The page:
What cars and cattle can learn from each other
My experience of sustainability in New Zealand by Iona Neilson, Project Analyst, Simply Sustainable
New Zealand’s environment and scenery are the primary drawcards for international visitors (including myself!), and their environmental sustainability is increasingly being recognised as best practice. They are placed 11th in the 2016 Environmental Performance Index, and I believe this is in part due to their low population density and that they didn’t experience the Industrial Revolution on the same scale as most developed nations, and therefore didn’t have to deal with the high levels of pollution. However, the high environmental quality of life and access to pristine wilderness is starting to become more vulnerable. New Zealand’s emissions profile is unique in that a far larger proportion is methane and nitrous oxide from agriculture – although the Government has made commitments to reduce this – whilst carbon dioxide is lower than normal due to their extensive renewable generation.
|Figure 1 Dairy cows in Waikato, North Island|
New Zealand is the world’s largest exporter of dairy products and is extremely reliant on dairy farming as a source of income. However, this is also the biggest contributor to emissions at 48%. It is also heavily criticised due to its effects on water quality, increased compaction in land and GHG emissions. The Government is investing millions of dollars into research on how these impacts can be reduced. In particular, I noticed a number of fences in place which were designed to prevent cattle from accessing waterways, so helping to improve water quality. This is one of the many steps taken in an attempt to reduce the impact of the dairy industry.
It’s important to note that we are starting to see a growing international trend towards more sustainable diets and with that, a move away from meat and dairy products as people (and business) try to significantly reduce the environmental impact of their food choices and food production – this is an urgent challenge for an industry which is already experiencing the impacts of climate change on global supply chains. This may not be on the cards any time soon for New Zealand, but it wouldn’t come as a surprise if we were to see major changes in consumer behaviour at some point in the not too distant future.
Cars and Cattle
The energy sector is the second biggest contributor to emissions at 39% and refers to both the generation of electricity and emissions from transport, but as around 80% of New Zealand’s electricity is already generated by renewable sources, transport emissions continue to dominate. The amount of old, emission-intensive cars on the roads caught my attention, plus the fact that New Zealand has the highest car ownership rate amongst developed countries. Current standards now in place are beginning to drive a shift towards cleaner, more efficient technologies last year, and by 2021, there will be 64,000 electric cars on the roads in New Zealand. The country is very well-placed to benefit from electric vehicles due to the already high proportion of renewables in its energy mix, but it’s still very early days – I saw very few electric cars or charging points, even in bigger cities such as Auckland.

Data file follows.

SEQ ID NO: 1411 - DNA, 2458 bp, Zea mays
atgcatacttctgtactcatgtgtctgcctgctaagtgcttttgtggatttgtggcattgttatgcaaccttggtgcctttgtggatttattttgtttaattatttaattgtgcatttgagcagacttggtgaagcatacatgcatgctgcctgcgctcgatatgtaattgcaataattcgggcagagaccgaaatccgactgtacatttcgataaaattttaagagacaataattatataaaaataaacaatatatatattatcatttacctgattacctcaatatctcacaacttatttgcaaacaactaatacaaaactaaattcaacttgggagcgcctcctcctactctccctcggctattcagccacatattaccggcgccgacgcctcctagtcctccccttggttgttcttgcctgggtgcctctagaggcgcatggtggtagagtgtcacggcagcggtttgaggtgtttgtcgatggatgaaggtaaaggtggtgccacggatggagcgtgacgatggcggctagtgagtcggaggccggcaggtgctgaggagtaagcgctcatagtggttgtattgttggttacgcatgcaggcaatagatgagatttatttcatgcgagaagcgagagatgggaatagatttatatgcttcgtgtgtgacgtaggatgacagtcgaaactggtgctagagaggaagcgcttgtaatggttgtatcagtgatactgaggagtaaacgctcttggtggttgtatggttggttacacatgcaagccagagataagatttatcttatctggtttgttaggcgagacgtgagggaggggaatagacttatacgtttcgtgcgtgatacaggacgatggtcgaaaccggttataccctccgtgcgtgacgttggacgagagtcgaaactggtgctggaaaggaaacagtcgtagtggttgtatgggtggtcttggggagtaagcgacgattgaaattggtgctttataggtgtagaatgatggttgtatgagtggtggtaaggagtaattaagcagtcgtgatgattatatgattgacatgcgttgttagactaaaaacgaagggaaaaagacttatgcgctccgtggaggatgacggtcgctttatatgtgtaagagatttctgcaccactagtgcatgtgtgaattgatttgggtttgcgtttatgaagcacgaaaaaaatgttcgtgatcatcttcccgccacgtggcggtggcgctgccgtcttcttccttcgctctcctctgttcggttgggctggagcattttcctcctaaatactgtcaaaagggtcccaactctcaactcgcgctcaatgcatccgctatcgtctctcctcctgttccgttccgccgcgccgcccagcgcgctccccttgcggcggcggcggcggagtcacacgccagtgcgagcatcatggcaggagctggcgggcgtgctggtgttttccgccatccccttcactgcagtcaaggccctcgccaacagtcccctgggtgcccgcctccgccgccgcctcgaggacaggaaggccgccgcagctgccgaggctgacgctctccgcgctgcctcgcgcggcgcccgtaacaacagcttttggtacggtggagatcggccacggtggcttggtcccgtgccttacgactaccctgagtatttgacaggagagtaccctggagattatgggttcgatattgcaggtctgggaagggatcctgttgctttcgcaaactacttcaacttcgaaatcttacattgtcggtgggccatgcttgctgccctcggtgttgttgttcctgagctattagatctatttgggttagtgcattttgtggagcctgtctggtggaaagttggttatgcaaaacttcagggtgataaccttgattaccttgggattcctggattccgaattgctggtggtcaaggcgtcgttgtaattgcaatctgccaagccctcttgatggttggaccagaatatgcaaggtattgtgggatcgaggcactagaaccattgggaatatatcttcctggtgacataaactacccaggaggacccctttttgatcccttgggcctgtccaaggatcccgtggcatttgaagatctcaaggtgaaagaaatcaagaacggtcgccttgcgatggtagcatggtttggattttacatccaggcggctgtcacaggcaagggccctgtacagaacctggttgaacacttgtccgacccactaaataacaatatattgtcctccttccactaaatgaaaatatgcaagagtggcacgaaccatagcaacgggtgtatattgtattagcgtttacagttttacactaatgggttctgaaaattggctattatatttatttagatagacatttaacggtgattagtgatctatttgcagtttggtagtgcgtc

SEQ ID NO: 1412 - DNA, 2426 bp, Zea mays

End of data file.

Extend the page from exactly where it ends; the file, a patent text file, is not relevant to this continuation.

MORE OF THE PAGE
My New Zealand experience was certainly eye opening on many different levels, but if its agricultural industry wants to thrive it should take a tip from a very different sector, which has been facing a similar challenge for years – the automotive industry. Car makers are tackling the twin realities of rising fuel costs and government emission reduction legislation to combat climate change. Now the agricultural and farming market in New Zealand (in fact everywhere!), needs to understand how best to tackle and manage its own emissions from animals, fertiliser production, fuel, electricity and deforestation, in order to meet its carbon footprint challenge. Cars and cattle have more in common than you might think. Both could learn a great deal from each other.Although the EPI claims to align with the UN Sustainable Development Goals, and New Zealand is making good progress towards meeting these, its unsustainable consumption pattern is ‘hidden’. To put this into perspective, Singapore is positioned as 14th on the 2016 EPI Index. For me, this suggests that whilst New Zealand is nudging close to being in the Top 10, it still hasn’t had to face the decades of urbanisation and pollution experienced by metropolitan environments like Singapore. We don’t perhaps quite know the full extent or impact of other issues pertaining to the country’s environmental performance to make it move higher up the rankings.
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